On February 17th hundreds of people gathered at Tripoli’s Martyrs’ Square for the celebration of the 7th anniversary of the 2011 Revolution. Ever since, Libya has been in constant crisis. With multiple factions fighting for control over the country, a stable government and the creation of a functioning democracy have been a far-flung dream. Elections in 2012 and 2014 ended in chaos and the outcome was therefore heavily contested. With the United Nations currently implementing their new action plan for Libya, hope is rising once again that elections will soon be held in the fragmented country. Begging the question how viable the prospect of elections is in Libya?
UN Action Plan In late 2017 the United Nations Support Mission in Libya presented the UN Action Plan for Libya. The plan proposed to organize a “National Conference” in order to pave the way for future elections. The Action Plan is, “in essence, a synthesis of the hopes and goals of the Libyan people,” according to UN Special Representative Ghassan Salamé. “Libyans are tired of moving from one transitional period to another. I am not here to remove what is temporary and create another.” In the meantime some promising steps have been undertaken to implement the plan. Under the auspice of the UN, the Tripoli based High National Election Commission (HNEC) started with the registration of voters in Libya.
There are however major problems for organizing an election. With the country being divided among rival governments, armed groups and tribes, there is a lack of unity and stability. Violence between rival groups is still a day to day problem in the country.
A fragmented country The parliamentary and presidential elections that the UN hope to initiate should provide for a stable government that would replace the current Government of National Accord (GNA). The GNA was the result of a United Nations peace initiative to reconcile the opposing House of Representatives and General National Congress. The division between the governments was the result of the contested outcome of the 2014 election. The Government of National Accord was in the end not the solution to the problems of the country. The Tobruk based Libyan House of Representatives (HoR) never ratified certain key articles of the National Accord, that established the GNA.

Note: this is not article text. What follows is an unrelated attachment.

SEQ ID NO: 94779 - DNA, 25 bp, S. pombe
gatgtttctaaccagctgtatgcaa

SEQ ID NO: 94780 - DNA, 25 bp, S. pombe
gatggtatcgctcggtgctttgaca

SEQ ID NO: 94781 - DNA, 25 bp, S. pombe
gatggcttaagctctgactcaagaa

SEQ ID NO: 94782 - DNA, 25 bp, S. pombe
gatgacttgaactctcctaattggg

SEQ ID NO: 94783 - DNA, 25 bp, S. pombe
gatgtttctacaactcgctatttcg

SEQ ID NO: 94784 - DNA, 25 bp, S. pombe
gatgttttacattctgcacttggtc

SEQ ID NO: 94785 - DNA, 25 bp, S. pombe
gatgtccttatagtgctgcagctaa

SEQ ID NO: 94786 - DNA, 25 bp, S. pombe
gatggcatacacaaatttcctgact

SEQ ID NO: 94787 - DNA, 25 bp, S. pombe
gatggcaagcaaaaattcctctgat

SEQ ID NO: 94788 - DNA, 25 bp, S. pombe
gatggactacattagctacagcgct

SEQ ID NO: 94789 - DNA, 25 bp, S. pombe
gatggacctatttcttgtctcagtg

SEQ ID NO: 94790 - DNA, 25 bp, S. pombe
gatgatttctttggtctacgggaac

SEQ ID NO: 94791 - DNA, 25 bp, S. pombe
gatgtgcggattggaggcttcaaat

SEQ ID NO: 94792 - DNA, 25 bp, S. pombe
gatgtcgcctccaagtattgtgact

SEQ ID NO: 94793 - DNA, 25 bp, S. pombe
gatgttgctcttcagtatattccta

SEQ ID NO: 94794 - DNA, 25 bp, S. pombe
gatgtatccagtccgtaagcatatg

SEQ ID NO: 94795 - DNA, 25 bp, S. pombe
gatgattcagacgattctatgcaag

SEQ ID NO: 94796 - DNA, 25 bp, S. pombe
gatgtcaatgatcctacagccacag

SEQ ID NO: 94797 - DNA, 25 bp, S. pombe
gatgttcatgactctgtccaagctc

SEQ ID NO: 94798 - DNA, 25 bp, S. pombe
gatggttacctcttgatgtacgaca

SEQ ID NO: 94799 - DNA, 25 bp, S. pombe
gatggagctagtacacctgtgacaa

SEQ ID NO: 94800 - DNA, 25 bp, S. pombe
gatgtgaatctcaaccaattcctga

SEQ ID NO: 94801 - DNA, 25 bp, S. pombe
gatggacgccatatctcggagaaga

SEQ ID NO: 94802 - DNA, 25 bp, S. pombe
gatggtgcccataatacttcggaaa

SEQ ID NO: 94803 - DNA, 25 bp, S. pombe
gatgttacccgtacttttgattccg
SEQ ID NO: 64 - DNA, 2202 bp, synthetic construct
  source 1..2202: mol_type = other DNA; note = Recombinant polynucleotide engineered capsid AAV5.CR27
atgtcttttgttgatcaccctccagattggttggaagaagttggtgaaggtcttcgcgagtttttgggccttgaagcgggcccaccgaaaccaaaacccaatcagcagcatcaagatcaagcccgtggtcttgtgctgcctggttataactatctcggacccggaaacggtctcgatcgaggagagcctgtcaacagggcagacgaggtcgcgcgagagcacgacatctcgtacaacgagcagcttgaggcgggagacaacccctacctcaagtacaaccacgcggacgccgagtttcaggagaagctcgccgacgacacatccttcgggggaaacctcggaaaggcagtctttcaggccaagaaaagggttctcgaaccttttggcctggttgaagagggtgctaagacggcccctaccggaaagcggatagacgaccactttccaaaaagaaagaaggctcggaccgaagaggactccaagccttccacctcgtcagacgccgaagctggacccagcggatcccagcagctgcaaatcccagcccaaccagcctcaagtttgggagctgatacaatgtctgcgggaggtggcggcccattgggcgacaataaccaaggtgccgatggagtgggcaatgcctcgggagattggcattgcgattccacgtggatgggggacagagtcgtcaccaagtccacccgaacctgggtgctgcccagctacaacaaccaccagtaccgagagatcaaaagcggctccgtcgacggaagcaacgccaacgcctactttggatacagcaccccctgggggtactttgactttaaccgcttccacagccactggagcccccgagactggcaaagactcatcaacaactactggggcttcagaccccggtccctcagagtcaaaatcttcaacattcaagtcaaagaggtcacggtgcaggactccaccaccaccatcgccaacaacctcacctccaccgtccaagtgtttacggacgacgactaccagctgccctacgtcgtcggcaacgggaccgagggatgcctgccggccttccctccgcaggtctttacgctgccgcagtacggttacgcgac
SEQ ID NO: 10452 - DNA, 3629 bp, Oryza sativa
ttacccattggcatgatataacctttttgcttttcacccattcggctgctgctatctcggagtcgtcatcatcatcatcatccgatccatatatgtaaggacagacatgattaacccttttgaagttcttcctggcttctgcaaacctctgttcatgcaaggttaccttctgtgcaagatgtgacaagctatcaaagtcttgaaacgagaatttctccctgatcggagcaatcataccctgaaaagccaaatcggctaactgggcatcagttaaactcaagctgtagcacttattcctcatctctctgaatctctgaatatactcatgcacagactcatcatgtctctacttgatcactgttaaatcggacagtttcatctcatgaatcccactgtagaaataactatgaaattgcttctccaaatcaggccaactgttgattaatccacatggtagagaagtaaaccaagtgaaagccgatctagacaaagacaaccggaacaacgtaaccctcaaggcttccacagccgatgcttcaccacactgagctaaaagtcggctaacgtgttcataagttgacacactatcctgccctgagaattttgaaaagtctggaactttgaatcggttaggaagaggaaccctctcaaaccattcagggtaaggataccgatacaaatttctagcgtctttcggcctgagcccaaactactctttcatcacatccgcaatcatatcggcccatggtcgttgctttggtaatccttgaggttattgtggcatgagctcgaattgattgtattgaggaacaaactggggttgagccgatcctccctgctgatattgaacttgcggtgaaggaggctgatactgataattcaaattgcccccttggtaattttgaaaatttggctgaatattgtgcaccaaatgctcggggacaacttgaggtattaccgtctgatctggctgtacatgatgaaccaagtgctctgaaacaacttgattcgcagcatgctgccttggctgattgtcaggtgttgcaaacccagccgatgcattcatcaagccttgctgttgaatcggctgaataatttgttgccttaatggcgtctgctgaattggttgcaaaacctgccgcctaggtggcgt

The Tobruk government controls the largest part of Eastern Libya. Backed by the Libyan National Army (LNA) led by general Khalifa Haftar, the HoR has fought the Islamic fundamentalist in Benghazi. In the Western part of the country, the GNA based in Tripoli controls with its allies most of the coastal areas.
In the Southern part of the country the situation is even more complicated. Islamic State fighters still operate in the central desert of the country. In February multiple oil installations were under attack, threating the stability of Libyan oil supply. The sparsely populated desert towns often switch between sides to defend themselves. In Sabha local militias have sided with neither of the governments. This resulted in violent clashes between the Haftar’s LNA and the cities’ militias. Sabha is especially symbolic for the country’s situation. Multiple ethno-tribal groups are based in the city. Maintaining a tenuous peace. Meanwhile it became infamous in 2017 when it was reported that slave traders freely operate within city.
A country in ruins With this patchwork of alliances, organizing elections in Libya will prove to be very challenging. The HNEC hopes that the elections itself will overcome these difficulties. Experts are however troubled by the possibility of elections. According to the Atlantic Council, a US based think tank, the political situation has deteriorated and the current division is deepening. A foreign consultant for the BBC expressed his concerns about the potential implications of elections. “The biggest risk to holding an election today is that any result will lead to an all-out armed confrontation on a scale we have not yet seen.” There is currently no legal framework in which a government operates. A new constitution has been drafted, but many courts in Libya have ruled against it. Without a framework it is questionable if elections would lead to any form of government.
Other factors are also plaguing potential elections. After years of civil war the country is in ruins. The infrastructure of the Libya is heavily damaged. Roads that are intact are sometimes controlled by armed factions. Making it unlikely that the voting process will be smooth and save.
With the international community pushing for elections, while the country is more divided than ever, it becomes difficult to organize a credible vote this year.